What election promises mean for UK retail
Campaigning has been rather subdued this week, and rightly so. Last Friday’s tragic events at London Bridge threw the yah-booery of politics as usual into sharp relief. However, the countdown to polling day continues and as it edges closer, no doubt minds will turn again to the promises being made in order to win votes.
From a retail perspective, what the parties have to say on business taxation will matter a great deal for the long-term health of the industry. Retailers account for 5% of GDP and pay around £13.5bn in direct taxation to Her Majesty’s Treasury in the form of national insurance, business rates and corporation tax. Any movement in things such as corporation tax rates (of which UK retailers pay around £2.7bn annually) will directly influence the bottom line of many retail businesses.
Unfortunately for the nation’s shopkeepers, any changes to business rates (which I looked at in my first column of the campaign) may well begin to be undone by the parties’ proposals for Corporation Tax. The Labour Party are boldest in their plans, pledging to reverse many of the cuts that companies have benefitted from under successive Tory led Governments. They have stopped short of scrapping them altogether, offering vaguely to ensure that they remain lower than they were in 2010. While the Tories aren’t planning any increases, they’ve decided that the time is not right for any further cuts and have opted against pressing ahead with their previous plans to lower Corporation Tax further.
Perhaps the boldest (and potentially most concerning) proposals of the election so far are Labour’s proposals on pay and employment rights. The party is promising the biggest overhaul of workers’ rights for decades. Their proposals include:
- A living wage of at least £10 per hour
- Inclusive Ownership Funds for large companies (requiring them to have up to 10% of the company owned collectively by employees)
- A third of board members to be elected worker-directors
- A 32 hour working week and ending the working-time directive opt out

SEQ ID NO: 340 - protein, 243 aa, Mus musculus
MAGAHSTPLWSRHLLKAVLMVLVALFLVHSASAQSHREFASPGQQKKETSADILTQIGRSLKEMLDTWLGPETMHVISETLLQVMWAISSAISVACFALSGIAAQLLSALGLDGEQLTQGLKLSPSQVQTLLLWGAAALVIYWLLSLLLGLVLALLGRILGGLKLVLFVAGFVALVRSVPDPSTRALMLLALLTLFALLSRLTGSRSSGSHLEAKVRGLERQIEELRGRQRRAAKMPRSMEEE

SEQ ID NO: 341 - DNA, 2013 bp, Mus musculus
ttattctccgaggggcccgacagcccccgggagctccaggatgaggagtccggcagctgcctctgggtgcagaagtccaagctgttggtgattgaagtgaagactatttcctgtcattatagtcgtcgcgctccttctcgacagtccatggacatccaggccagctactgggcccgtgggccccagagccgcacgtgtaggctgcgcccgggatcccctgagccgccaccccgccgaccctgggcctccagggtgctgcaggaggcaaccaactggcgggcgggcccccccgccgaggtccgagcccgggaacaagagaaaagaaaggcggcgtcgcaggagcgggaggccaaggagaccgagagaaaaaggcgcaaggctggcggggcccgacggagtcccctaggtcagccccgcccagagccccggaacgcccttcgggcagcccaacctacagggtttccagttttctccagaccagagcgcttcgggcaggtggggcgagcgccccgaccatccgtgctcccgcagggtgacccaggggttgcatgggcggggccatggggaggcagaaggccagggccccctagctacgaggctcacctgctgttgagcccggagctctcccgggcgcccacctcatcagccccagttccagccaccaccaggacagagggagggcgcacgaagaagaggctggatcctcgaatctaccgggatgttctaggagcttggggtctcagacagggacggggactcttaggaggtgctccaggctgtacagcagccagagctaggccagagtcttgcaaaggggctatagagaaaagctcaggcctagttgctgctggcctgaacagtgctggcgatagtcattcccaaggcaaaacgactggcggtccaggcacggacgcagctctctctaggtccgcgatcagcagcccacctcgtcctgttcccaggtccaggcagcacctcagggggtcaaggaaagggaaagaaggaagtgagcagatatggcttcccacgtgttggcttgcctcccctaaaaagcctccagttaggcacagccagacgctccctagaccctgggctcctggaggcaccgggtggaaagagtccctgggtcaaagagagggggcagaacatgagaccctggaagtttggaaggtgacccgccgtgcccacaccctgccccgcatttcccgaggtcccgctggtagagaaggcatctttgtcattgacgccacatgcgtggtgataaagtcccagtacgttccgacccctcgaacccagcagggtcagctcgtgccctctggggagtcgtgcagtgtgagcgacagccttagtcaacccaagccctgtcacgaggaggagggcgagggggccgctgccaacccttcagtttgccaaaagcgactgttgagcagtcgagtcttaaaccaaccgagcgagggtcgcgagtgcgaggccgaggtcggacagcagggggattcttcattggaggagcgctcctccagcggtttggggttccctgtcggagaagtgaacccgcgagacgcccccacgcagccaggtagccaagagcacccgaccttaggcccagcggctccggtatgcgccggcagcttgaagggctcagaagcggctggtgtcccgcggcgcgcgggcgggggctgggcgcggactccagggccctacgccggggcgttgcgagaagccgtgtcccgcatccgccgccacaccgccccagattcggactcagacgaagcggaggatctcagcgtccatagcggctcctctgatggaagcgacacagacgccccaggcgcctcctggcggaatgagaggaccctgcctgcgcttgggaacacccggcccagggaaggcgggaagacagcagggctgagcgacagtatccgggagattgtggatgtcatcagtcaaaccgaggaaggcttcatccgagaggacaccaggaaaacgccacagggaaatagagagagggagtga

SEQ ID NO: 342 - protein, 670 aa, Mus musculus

- Full employment rights from day one
- Banning zero hour contracts
- Enforcing paid breaks during shifts
- Increasing statutory maternity pay for mothers and fathers
- Introducing four new bank holidays.
Essentially, the party is planning a revolution in the relationship between the employer and the employed. While I make no philosophical judgments here, what is clear is that each of these proposals will have a cost to business attached. Employment costs already make up approximately 46% of a retailer’s total operating cost and, at a time when the retail workforce is shrinking, making employing people more expensive is only going to accelerate the pace of change in the industry.
On the other side of the political fence, the Conservative’s plans on workers rights, like much else in their manifesto, is seen through the lens of Brexit. All they have included is a vague commitment to develop robust protections for workers’ rights when regulation diverges from Brussels. They give no further detail beyond their recommitting themselves to increase the living wage to £10.50 by 2024 and reducing the age at which people could receive it from 25 to 21. Treasury estimates suggest the proposal would raise the low-pay floor from 60% to two-thirds of median earnings.
If there isn’t much succour for the industry in those proposals, then perhaps retailers will be hoping that consumers may benefit and that some of that may flow through to the checkouts. Both parties have shied away from raising personal taxation for most people, however Labour is pledging to tax those earning over £80,000pa a little more. The Tories have promised a freeze on NI and Income Tax and both parties have committed to holding VAT at current rates.
However, this year has seen a sharp acceleration in spending power with nominal wages rising at the fastest rate for around a decade and real wages rising fastest for over 2 years. Indeed, discretionary spending, the amount left over after all essentials have been paid, rose by almost 7% in September, but the benefits of this boost are simply not feeding through to the retail sector.
Despite the improvement in our household finances, the propensity to spend remains weak with consumer confidence fragile. Indeed, our data shows consumers put “Brexit” at the top of their concerns, followed by “lack of savings” and “levels of debt”. This suggests that even if there is more money in their pockets after the elections, it’s less clear whether they will part with it in any major way.
I’d love to have found more for retailers to celebrate when I was reading through the manifestos. Unfortunately, on balance it seems that whoever enters Downing Street next week, there will be no Christmas bonus for Britain’s retailers. Perhaps a New Year’s resolution then should be to redouble efforts to demonstrate how important our industry is and how targeted support could sow the seeds of a new roaring 20s for retail.
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